Hondurans mauled by 'The Beast' adapt to new lives
They tried to get to the United States on Mexican freight trains collectively known as "The Beast" but failed, losing a limb on the way to the frenzy of wheels slicing along tracks.
Now these hundreds of would-be migrants have to adapt to new lives back in their home countries after returning with less than what they started out with.
Jorge, 28, was 17 when he tried to jump on a moving train in Mexico to get to the US border, just like thousands of others do clandestinely each year in the hope of escaping violence or poverty at home for a better life in the north.
Jorge didn't make it and fell on the track, where the train ran over him. He survived only because three friends and two other people there reacted quickly, tying tourniquets to stem the bleeding. He lost his right leg and a finger from his right hand.
Today, 11 years later and after receiving assistance to buy a prosthetic leg, Jorge runs a grocery stand in a market in Choluteca, a town 100 kilometers (60 miles) south of Honduras' capital Tegucigalpa.
"He never gave up. For him, nothing is impossible," his 62-year-old father Jorge Alberto Carbajal, who works with him, said with pride.
Jorge is one of several hundred Hondurans who have returned in recent years with amputations as outward signs of their fateful brush with "The Beast."
A foundation backed by the Red Cross, called New Life, has stepped in to help give them prosthetic limbs.
Walter Aguilar, 33, who lost his right leg in a 2001 road accident, is a specialist in polypropylene prosthetics in charge of the foundation's program handling Jorge and other patients.
- Still running -
For Jorge, the assistance given has allowed him to pursue his passion for sport.
"Every day I get up to run 20 minutes before opening the shop," said the student in social sciences, who also runs a fresh juice stand in a school.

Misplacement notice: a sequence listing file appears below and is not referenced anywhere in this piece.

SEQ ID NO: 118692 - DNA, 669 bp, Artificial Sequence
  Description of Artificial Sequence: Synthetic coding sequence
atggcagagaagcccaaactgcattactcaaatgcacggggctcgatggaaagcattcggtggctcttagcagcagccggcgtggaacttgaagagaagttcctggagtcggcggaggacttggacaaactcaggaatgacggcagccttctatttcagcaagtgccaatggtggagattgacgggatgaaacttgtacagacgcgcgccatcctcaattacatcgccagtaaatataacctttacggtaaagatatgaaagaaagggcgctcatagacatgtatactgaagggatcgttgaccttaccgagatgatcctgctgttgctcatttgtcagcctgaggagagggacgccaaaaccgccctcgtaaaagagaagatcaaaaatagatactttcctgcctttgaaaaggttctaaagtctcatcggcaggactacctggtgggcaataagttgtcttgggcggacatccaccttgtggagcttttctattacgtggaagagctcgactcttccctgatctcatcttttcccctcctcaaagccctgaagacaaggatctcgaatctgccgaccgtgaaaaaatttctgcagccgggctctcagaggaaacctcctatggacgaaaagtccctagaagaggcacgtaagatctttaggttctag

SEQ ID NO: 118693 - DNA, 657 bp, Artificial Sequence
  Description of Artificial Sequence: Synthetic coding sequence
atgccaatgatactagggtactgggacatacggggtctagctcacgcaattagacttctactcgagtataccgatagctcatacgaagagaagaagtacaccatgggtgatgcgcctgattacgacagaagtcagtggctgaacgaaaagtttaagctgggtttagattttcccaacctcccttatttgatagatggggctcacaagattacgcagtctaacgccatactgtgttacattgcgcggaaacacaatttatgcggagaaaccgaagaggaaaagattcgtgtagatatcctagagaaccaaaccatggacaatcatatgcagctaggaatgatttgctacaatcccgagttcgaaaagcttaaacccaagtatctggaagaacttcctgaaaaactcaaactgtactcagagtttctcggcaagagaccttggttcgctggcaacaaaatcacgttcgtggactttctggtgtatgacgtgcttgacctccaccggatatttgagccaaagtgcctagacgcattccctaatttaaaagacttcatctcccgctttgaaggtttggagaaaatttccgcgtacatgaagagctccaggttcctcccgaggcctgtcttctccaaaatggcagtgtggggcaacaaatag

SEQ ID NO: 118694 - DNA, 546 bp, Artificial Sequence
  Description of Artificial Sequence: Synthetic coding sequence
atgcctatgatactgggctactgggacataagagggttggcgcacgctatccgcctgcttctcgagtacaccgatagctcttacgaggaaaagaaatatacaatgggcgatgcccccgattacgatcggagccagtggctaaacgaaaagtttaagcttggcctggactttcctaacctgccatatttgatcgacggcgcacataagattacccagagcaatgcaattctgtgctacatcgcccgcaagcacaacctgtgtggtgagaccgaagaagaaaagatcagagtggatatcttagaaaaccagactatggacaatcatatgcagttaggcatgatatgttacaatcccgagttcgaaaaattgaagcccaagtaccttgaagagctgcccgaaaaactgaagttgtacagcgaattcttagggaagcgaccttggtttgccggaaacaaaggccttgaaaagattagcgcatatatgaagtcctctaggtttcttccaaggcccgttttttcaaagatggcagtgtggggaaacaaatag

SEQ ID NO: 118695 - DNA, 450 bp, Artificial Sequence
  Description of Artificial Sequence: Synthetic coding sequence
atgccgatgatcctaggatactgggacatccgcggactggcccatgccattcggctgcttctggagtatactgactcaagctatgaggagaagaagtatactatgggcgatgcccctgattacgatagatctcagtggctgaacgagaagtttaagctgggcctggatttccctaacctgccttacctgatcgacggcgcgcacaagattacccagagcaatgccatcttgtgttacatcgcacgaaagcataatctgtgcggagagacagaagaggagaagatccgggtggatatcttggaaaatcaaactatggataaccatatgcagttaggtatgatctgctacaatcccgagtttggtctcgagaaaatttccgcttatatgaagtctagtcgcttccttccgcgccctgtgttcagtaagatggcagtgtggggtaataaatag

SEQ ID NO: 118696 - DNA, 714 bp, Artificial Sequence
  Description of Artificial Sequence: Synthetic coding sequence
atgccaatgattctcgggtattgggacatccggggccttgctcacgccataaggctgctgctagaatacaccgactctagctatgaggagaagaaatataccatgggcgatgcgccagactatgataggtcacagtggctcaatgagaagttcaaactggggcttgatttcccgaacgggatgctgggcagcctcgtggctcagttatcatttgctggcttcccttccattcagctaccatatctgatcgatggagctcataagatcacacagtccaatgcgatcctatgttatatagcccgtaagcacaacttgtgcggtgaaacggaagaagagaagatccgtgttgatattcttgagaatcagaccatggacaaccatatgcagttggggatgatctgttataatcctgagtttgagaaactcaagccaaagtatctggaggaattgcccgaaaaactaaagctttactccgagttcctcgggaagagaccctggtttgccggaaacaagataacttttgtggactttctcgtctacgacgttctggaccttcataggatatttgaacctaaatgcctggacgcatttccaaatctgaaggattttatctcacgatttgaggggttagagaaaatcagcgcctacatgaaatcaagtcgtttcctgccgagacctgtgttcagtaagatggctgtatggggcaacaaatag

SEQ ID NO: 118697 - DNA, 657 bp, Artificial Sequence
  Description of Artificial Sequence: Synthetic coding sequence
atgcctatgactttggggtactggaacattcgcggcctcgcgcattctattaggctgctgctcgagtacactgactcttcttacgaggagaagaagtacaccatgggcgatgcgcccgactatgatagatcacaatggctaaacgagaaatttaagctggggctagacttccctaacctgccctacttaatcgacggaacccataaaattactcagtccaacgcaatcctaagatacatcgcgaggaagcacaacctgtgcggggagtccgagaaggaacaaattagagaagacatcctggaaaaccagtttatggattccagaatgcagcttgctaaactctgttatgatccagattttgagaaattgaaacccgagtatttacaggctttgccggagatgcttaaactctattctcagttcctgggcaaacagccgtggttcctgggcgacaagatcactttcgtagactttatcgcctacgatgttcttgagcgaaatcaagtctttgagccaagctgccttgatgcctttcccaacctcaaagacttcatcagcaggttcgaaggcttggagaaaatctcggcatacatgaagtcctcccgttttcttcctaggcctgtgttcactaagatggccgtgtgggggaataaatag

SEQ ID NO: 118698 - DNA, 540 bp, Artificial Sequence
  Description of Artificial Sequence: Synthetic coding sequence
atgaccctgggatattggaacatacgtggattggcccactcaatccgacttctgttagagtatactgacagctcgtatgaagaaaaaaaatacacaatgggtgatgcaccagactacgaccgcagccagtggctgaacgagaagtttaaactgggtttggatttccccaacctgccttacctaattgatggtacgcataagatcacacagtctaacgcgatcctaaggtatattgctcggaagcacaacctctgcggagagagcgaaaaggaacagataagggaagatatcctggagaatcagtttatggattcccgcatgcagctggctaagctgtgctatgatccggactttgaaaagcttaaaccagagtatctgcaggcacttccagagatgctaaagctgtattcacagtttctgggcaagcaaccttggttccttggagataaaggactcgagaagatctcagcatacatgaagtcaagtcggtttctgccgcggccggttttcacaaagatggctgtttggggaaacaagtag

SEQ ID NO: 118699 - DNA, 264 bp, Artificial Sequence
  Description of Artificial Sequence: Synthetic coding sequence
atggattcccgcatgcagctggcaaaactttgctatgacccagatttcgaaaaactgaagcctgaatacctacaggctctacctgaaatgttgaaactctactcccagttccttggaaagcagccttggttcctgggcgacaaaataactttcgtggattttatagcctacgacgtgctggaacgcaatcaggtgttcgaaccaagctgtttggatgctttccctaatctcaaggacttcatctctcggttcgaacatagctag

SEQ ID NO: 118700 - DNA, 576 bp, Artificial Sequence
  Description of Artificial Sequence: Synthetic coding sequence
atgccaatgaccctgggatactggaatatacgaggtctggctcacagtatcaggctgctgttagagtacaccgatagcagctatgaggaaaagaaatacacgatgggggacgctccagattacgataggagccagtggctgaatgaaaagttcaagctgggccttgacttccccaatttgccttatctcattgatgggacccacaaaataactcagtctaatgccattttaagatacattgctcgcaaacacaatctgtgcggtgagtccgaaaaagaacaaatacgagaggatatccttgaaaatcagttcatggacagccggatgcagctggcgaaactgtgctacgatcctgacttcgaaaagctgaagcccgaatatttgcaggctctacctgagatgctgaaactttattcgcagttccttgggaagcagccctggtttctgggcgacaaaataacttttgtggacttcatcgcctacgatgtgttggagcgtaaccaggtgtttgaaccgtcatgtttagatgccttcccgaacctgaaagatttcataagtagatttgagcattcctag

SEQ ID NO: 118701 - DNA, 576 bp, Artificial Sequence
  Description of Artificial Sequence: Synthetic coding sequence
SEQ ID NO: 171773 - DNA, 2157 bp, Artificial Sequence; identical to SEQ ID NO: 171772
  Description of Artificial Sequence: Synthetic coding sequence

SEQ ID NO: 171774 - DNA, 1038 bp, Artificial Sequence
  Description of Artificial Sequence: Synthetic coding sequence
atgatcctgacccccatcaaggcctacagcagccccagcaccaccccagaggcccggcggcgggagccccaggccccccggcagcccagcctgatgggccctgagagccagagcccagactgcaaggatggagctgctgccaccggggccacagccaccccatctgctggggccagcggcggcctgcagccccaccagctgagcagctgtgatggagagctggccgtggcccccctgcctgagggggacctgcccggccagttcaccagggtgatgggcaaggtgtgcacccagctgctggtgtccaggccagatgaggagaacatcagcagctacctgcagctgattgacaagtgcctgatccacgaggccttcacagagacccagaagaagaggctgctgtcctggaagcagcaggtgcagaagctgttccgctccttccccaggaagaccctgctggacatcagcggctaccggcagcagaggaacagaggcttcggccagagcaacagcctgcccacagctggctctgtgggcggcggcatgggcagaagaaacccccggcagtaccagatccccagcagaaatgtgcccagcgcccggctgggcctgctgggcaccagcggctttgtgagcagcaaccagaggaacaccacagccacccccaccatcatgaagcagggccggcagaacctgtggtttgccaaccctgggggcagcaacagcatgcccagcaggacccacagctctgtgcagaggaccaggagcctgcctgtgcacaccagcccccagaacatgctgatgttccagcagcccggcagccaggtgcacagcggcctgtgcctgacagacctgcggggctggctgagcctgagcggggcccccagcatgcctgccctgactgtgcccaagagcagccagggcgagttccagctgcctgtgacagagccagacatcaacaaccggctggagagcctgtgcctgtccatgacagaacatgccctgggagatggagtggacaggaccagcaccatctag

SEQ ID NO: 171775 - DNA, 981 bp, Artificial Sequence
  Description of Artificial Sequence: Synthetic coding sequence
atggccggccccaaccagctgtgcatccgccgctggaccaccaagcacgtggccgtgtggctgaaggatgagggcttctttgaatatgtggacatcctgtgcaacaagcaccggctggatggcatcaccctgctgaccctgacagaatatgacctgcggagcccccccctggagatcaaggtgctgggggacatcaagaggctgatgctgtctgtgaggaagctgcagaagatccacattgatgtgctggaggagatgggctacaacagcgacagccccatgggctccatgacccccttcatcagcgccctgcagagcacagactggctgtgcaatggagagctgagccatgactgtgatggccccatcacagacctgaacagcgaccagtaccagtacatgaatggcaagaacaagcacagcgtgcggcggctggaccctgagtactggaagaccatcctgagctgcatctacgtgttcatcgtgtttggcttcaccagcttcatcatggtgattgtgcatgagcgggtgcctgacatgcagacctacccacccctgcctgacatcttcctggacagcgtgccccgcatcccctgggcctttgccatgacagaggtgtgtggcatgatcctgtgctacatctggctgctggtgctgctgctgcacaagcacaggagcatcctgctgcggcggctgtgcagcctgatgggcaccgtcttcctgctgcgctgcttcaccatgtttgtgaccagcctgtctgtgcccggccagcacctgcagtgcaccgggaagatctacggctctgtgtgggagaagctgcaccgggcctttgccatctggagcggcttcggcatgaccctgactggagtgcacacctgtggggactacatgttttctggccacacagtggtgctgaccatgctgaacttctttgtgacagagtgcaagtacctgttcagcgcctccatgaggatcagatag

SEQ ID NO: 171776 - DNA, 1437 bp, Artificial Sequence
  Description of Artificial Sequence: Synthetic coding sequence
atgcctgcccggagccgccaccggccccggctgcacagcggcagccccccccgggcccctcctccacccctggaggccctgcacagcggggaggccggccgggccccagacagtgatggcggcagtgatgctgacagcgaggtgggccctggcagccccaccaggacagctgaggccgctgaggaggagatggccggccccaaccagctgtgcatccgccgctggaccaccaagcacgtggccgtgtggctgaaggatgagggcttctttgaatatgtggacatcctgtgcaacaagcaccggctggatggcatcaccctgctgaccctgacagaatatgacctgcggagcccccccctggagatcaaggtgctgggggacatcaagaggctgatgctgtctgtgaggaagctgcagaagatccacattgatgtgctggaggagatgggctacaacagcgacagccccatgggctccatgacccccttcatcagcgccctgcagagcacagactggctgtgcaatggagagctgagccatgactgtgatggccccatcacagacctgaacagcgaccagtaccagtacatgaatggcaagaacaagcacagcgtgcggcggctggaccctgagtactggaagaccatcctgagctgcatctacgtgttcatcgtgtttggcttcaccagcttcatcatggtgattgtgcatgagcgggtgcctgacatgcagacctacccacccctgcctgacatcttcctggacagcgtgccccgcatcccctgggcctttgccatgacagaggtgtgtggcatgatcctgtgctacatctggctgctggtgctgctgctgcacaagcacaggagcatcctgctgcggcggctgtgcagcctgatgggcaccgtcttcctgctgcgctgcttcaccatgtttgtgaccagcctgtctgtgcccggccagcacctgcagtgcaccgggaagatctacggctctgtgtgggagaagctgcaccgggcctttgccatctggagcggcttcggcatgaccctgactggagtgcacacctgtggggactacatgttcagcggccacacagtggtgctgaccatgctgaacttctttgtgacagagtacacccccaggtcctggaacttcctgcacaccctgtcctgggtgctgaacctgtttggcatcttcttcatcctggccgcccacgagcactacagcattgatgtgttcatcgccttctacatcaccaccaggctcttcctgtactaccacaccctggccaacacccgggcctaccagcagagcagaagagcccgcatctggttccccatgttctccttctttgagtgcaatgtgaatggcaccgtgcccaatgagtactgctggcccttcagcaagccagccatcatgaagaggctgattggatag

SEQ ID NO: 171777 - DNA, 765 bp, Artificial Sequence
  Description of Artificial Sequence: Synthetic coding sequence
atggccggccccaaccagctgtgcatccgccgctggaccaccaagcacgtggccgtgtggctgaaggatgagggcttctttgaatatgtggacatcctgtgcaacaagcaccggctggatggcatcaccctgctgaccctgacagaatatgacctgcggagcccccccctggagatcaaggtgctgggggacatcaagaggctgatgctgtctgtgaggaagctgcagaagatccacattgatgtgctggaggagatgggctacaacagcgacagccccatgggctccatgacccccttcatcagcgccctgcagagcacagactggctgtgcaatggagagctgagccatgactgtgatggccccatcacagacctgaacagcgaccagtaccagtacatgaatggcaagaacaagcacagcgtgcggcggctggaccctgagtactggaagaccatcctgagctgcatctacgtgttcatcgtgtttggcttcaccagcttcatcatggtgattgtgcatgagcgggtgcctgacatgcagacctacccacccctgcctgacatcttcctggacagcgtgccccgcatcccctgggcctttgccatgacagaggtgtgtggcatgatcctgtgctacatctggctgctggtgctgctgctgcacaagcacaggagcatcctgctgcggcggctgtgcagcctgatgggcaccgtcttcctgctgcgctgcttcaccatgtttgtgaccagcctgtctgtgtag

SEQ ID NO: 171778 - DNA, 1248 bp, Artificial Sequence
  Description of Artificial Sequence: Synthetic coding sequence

The loss of his of flesh-and-blood leg, though, has "slowed me down," he admitted. He also said he can carry only 20 kilos (40 pounds) of produce now, down from what he hauled before.
The head of the foundation, Reina Estrada, estimates it has helped around 200 amputees since 2011, providing prosthetics that each cost between $800 and $1,100 -- a substantial amount in a country where monthly wages are typically below $400, and 20 percent of the population lives in poverty.
The New Life foundation also gives psychological support to help the returnees cope with the emotional trauma of being forced to give up their dream of emigration.
Its psychologist, Hellen Briceno, explained that the first step was to curtail thoughts of suicide, because losing a limb often generates an extremely painful period of grief.
"They have to make huge efforts because quite a few of them even dream that they still have their leg or their arm," she said.
Jorge said that many Hondurans leave on the perilous voyage to the United States despite the well-known risks because they have no choice: conditions in the country for many are so poor that survival is difficult, and gangs reign with terror over swathes of the population.
- US policies ineffective -
Tough US policies and campaigns to dissuade the emigrants have no effect, he said. Many in Central America are determined to try for their "American dream" come what may.
After his own experience, he participated in a campaign in schools in Choluteca to try to warn youths off the dangerous path north.
According to the government-funded National Migration Forum, in the first seven months of 2017, 232 emigrants died trying to make the journey -- 17 percent more than in 2016.
In the United States, there are more than a million Hondurans. Last year they sent nearly $4 billion in remittances to relatives still in the Central American country, a hefty sum equivalent to 18 percent of gross domestic product.
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